Yes, Mary Kay Does Have Its Own Private Police Force
Just another Monday for Mary Kay Protective Services.
A couple years back I spotted spotting a black SUV with tinted windows and, strangely, "Mary Kay Protective Services" emblazoned on the side. Mary Kay, I found out, does have its own private security company, with officers who carry guns and everything.
What I never figured out was why Mary Kay has its own police force. So, with the pink hordes gathered in Dallas for the annual Mary Kay seminar, and with Harper's takedown of the "pink pyramid scheme" on newsstands, I thought it a worthy to revisit some of questions I've been wondering about. Here's a short list:
What does Mary Kay Protective Services do? Are their guns pink? How many people have they killed? What about with their bare hands? If you get arrested for stealing Mary Kay products, what happens to you in the pen? What percentage of the Mary Kay security force cut their teeth on black ops missions in Central America? Are there helicopters? What about jungle operations? If so, does May Kay manufacture camo face paint? If not, why doesn't Mary Kay manufacture camo face paint and become a military contractor? Is Mary Kay, Inc. actually the Mafia? And was Mary Kay the person actually Marlon Brando?
I've left a message for the Mary Kay PR folks. We'll see if I hear back. I did, by happenstance, recently run into a Mary Kay exec at a playground where our toddlers were playing. I asked about the security firm. He sort of rolled his eyes in a It-really-doesn't-make-since-for-a-makeup-company-to-have-an-armed-police-force sort of way. The whole operation is sort of a relic from the days when Mary Kay Ash was around and felt the need for protection. Their main role now is patrolling the company's manufacturing facilities and looking important in the black, FBI-esque SUVs.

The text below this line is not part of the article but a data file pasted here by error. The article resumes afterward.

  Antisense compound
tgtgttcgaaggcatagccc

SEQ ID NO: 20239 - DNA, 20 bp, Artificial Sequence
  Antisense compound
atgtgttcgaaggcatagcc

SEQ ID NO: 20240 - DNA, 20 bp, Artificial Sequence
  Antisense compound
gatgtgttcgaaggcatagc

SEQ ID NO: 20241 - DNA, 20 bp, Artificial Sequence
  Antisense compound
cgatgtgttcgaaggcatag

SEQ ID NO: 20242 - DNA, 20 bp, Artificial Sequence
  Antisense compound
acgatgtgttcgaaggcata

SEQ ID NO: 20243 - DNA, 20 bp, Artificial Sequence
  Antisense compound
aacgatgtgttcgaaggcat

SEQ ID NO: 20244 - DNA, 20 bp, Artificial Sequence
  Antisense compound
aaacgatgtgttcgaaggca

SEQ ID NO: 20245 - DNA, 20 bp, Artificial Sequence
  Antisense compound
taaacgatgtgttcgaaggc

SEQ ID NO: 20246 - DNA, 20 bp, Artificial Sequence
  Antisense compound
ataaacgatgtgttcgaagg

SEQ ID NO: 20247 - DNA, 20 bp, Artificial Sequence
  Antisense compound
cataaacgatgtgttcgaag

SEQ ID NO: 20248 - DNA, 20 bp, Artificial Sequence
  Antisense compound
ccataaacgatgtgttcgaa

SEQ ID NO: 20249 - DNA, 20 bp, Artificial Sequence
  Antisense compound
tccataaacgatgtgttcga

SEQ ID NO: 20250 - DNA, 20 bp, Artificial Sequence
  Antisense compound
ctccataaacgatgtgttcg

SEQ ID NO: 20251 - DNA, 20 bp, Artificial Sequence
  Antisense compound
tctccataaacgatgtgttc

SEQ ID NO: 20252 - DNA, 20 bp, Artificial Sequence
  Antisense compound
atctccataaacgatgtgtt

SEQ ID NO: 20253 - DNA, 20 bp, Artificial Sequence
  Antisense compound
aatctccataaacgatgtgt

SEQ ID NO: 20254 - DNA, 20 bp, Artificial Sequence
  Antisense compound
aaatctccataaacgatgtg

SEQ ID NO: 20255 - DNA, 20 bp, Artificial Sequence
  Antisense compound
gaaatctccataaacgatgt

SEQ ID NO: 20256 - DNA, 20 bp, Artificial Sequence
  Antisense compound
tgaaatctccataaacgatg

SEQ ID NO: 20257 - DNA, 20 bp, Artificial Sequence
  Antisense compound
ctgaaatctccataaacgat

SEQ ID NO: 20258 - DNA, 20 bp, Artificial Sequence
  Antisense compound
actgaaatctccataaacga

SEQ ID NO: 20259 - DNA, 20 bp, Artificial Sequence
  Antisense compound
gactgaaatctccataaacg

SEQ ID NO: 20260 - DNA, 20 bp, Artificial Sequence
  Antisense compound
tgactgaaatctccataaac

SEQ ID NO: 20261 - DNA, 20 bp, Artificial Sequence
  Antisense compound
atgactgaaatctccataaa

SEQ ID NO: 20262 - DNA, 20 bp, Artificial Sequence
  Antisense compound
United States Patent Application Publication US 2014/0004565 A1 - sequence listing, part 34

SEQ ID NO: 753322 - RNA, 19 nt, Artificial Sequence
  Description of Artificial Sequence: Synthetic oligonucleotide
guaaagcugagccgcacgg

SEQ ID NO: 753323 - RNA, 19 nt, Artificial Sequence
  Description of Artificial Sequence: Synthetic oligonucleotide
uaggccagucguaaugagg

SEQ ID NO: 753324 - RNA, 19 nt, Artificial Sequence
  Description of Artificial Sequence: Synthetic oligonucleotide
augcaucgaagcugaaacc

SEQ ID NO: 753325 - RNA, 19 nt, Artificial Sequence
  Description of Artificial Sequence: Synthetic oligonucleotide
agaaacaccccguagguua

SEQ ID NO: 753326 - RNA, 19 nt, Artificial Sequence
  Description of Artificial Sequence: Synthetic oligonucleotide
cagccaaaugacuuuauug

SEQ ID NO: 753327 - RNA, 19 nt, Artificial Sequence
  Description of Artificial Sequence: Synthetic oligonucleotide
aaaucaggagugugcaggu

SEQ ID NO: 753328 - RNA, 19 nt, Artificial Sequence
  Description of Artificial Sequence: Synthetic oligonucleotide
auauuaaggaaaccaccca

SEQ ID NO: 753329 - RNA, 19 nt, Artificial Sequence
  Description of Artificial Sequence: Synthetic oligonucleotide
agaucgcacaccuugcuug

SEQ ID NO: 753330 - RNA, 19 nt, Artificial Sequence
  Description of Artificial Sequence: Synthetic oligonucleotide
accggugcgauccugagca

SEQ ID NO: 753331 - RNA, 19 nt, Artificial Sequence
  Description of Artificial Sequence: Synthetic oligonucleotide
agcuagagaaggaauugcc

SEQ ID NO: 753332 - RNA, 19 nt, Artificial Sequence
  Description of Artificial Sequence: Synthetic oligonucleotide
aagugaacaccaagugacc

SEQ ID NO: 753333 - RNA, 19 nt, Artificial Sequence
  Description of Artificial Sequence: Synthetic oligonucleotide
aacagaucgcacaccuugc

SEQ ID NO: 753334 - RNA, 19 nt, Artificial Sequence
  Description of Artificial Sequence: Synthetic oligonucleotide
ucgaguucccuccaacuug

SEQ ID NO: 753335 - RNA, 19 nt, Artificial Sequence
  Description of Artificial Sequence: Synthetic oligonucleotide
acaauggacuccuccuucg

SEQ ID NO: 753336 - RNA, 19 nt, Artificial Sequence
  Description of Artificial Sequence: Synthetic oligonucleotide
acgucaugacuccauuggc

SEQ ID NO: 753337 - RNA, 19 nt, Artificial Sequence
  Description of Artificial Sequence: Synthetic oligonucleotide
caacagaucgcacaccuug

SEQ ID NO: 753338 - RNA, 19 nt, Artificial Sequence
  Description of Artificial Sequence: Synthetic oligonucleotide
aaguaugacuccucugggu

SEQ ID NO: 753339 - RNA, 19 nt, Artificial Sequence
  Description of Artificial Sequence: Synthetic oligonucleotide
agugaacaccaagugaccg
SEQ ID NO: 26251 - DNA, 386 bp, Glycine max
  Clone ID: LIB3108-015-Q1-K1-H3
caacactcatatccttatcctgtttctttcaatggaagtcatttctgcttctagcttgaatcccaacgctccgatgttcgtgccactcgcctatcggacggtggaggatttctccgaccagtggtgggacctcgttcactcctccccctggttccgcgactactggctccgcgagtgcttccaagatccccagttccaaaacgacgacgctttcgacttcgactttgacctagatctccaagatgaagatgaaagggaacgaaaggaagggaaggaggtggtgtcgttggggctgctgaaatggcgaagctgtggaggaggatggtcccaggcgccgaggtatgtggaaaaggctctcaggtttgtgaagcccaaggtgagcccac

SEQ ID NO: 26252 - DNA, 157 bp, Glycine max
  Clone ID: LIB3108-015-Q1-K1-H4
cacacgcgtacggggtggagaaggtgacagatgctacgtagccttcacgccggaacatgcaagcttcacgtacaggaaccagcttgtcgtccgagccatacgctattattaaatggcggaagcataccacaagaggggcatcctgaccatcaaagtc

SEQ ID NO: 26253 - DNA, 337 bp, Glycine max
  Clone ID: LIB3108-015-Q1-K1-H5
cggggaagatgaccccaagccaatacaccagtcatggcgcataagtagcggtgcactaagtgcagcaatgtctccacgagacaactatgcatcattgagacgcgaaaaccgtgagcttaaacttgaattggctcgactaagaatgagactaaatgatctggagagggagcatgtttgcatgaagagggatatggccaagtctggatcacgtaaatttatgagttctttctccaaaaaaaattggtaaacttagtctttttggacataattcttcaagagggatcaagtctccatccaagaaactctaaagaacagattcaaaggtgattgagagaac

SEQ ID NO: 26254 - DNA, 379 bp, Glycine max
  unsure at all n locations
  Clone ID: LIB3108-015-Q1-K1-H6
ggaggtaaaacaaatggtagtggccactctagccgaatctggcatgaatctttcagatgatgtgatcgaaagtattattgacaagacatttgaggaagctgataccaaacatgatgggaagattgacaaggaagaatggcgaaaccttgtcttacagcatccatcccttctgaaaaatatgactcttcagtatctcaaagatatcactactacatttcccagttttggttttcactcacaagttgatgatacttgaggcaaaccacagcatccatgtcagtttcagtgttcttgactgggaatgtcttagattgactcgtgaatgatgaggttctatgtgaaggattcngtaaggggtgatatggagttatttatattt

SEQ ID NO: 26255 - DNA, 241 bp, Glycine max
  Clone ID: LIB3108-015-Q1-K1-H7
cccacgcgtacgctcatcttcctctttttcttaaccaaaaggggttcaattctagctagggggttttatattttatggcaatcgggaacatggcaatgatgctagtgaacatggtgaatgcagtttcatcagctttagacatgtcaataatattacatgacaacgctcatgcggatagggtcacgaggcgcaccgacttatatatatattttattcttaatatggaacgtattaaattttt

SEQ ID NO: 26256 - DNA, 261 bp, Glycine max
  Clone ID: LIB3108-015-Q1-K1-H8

But of course that's what a Mary Kay loyalist would say. I'm thinking there's something more. All of sure of right now is this: Don't fuck with anyone driving a pink Cadillac.
Get the This Week's Top Stories Newsletter
Every week we collect the latest news, music and arts stories — along with film and food reviews and the best things to do this week — so that you’ll never miss Observer's biggest stories.